There are three centers for the treatment of Multiple Sclerosis in the New York City tri-state area. In northern New Jersey, the most well-known and highly regarded outpatient clinic for this disease is located at Holy Name Hospital in Teaneck, New Jersey. The hospital conducts clinical treatment as well as research in the field of multiple sclerosis, and also provides community education in the form of lectures and training for patients and caregivers. This paper will discuss the program, its relationship with the hospital, and the way it has been affected by trends that are common to hospital settings all over the country.
The MS Center at Holy Name Hospital has several objectives for its patients and their families; to diagnose or confirm the diagnosis of multiple sclerosis; to provide medical treatment for the management of MS symptoms; to promote enhanced mobility for patients who are challenged in those areas; to lessen the impact of secondary complications for patients; to assist patients in optimizing ability to remain independent; to help patients and their families to manage the psychological fallout of having a chronic disease; to help patients and their families join in the rehabilitation process; and to allow patients the chance to be involved in clinical research affecting relapsing-remaining as well is progressive multiple sclerosis (Holy Name Medical Center, 2013.)
The hospital utilizes a team approach to patient treatment, but regards each treatment plan as unique to the individual involved; no two people have identical cases of the disease, and everyone’s course follows a different path. When a patient comes to the Center, he or she is thoroughly evaluated by an MS specialist who is a board certified neurologist. When necessary, medications or other therapies are prescribed, as well as referrals made to other specialists who may be relevant to the treatment plan. These may include urologists, mental health providers, physical therapists, infusion services, or any other services that facilitate the treatment plan.
An important aspect of the MS Center treatment team involves two certified nurse practitioners who assist with teaching patients to learn self-care activities such as bladder management, obtaining necessary assistive devices, and providing education to family and patients. Advocating for patients is another function of the nurse practitioners. In addition, patients of the MS Center are also offered the opportunity to participate in support and therapeutic groups at that location or local chapters of the National Multiple Sclerosis Society.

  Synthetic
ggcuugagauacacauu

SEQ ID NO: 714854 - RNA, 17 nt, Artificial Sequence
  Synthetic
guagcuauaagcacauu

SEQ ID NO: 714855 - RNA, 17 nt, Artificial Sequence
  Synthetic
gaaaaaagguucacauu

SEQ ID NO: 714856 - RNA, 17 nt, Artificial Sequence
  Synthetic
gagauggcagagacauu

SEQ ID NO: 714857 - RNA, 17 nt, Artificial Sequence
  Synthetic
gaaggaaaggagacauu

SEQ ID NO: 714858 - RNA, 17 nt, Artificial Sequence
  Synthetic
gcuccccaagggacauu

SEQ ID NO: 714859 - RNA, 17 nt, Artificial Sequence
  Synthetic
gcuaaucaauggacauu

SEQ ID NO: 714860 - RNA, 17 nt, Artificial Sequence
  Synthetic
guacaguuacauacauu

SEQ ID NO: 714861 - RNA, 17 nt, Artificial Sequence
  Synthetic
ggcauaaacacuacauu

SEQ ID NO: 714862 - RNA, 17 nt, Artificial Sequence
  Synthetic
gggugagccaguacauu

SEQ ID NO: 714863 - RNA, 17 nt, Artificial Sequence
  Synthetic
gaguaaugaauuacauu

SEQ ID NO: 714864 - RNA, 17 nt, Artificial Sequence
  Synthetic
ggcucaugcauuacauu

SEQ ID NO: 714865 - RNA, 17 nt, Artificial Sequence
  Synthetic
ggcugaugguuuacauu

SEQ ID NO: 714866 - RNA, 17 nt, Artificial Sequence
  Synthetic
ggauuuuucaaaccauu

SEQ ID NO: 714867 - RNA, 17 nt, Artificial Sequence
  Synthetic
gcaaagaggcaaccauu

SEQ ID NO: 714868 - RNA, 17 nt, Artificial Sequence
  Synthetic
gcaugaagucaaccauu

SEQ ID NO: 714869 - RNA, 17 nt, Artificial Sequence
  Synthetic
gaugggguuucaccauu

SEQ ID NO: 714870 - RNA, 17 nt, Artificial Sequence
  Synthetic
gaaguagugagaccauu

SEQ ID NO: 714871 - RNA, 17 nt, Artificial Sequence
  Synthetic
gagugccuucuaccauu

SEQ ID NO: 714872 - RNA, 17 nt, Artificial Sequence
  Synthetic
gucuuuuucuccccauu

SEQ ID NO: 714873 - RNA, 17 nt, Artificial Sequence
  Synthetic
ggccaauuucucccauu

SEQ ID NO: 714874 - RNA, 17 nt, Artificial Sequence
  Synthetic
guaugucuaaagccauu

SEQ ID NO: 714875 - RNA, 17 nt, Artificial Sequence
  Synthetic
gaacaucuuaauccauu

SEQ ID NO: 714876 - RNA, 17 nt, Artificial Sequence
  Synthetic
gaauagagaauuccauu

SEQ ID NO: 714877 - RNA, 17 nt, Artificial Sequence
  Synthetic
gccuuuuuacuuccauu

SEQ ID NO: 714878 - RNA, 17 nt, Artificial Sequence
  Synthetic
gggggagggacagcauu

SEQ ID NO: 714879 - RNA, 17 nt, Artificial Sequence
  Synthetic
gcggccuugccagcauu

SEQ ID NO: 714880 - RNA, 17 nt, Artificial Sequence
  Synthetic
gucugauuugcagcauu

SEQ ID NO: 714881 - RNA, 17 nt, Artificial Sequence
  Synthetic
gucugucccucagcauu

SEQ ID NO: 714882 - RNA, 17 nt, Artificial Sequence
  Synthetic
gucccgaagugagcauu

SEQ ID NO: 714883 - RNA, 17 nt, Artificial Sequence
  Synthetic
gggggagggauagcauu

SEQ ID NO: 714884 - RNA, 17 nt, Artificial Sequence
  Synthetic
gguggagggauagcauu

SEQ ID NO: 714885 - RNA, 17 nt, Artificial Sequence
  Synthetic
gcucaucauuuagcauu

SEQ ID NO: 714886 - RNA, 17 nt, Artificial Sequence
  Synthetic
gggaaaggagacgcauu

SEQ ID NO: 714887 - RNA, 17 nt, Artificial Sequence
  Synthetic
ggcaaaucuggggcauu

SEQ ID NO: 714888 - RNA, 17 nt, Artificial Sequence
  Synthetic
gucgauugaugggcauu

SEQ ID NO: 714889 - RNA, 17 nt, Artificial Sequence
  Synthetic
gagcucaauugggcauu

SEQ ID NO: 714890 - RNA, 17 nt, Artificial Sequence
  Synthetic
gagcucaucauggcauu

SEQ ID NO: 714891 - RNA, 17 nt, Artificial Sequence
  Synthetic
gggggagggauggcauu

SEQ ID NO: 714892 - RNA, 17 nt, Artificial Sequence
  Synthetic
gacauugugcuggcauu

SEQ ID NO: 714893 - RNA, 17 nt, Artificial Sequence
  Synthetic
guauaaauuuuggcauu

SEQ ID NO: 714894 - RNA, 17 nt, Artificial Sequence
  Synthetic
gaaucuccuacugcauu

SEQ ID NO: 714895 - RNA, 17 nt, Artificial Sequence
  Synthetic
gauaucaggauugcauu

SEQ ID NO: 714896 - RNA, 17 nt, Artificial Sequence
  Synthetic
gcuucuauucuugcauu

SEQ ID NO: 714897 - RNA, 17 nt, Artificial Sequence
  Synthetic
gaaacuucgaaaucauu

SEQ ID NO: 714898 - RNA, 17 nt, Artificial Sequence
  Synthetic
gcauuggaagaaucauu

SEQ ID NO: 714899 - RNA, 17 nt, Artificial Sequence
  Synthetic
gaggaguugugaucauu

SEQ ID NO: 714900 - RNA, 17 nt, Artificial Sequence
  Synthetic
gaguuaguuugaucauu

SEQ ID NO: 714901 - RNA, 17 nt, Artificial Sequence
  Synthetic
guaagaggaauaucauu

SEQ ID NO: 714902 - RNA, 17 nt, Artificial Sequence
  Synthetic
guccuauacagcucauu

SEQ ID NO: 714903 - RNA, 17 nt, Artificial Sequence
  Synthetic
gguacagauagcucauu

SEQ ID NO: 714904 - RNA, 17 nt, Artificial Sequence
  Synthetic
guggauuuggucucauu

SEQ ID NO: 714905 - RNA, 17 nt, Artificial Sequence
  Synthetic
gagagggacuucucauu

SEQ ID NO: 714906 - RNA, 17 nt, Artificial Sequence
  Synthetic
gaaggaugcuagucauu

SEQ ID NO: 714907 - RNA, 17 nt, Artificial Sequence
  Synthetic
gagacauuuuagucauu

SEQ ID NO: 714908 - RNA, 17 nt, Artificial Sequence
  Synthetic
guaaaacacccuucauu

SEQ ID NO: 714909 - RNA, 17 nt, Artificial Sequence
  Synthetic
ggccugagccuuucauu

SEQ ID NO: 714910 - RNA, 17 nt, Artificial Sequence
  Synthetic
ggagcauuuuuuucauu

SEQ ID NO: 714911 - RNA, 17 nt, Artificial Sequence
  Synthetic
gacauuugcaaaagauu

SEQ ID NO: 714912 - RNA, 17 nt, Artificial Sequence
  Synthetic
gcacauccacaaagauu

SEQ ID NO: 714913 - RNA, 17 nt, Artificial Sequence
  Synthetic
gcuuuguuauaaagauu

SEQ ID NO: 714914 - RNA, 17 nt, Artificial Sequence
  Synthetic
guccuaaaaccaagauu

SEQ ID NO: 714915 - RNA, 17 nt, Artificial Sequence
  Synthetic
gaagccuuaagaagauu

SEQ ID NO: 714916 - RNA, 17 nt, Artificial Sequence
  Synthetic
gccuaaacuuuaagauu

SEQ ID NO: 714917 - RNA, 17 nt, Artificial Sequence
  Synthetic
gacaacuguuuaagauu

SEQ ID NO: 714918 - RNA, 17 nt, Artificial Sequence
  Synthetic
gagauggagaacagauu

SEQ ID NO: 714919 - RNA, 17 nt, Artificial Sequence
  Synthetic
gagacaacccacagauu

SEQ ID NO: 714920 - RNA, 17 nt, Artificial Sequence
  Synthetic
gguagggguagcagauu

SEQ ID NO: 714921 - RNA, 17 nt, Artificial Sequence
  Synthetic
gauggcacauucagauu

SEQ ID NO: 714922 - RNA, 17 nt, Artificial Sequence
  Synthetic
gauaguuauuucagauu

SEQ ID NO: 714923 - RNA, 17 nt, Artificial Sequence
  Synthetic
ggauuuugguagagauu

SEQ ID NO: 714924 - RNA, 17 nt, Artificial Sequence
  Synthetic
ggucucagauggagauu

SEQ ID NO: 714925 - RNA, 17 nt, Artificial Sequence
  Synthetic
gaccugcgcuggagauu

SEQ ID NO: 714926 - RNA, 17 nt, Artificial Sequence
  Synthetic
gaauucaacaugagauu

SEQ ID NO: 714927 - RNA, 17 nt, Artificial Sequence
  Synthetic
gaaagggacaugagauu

There are many services available at the MS center at Holy Name Hospital; these include diagnostic services, MRI, EEG, EMG, physical and occupational therapies, language and speech therapy, social services, and neuropsychological testing (Holy Name Medical Center, 2013.) There are many treatments available for patients of the setting, including baclofen pump initiation and management, bowel and bladder management, infusion or oral administration of corticosteroids, management of symptoms, IVIG (gamma gobulin) treatment, disease modifying therapies, and monoclonal anti-body infusions.
The MS Center at Holy Name Hospital is affiliated with several organizations associated with multiple sclerosis. It is affiliated with the Consortium of Multiples Sclerosis Centers, or CMSC, whose mission is to stimulate and facilitate research in the field, develop mechanisms to collaborate with sharing information and knowledge among its members as well as the healthcare community, establishing and implementing methods to impact health care delivery, and forming partnerships with other organizations to accomplish their goals (The Consortium of Multiple Sclerosis Centers.) The MS Center is also affiliated with the International Organization of Multiple Sclerosis Nurses, whose mission is to establish and maintain a specialized brands of nursing addressing MS, to develop standards of nursing care directed at MS patients, to promote and support research for the nursing profession regarding healthcare delivery to MS patients, and to educate the healthcare community about multiple sclerosis as well is to spread this information throughout the world.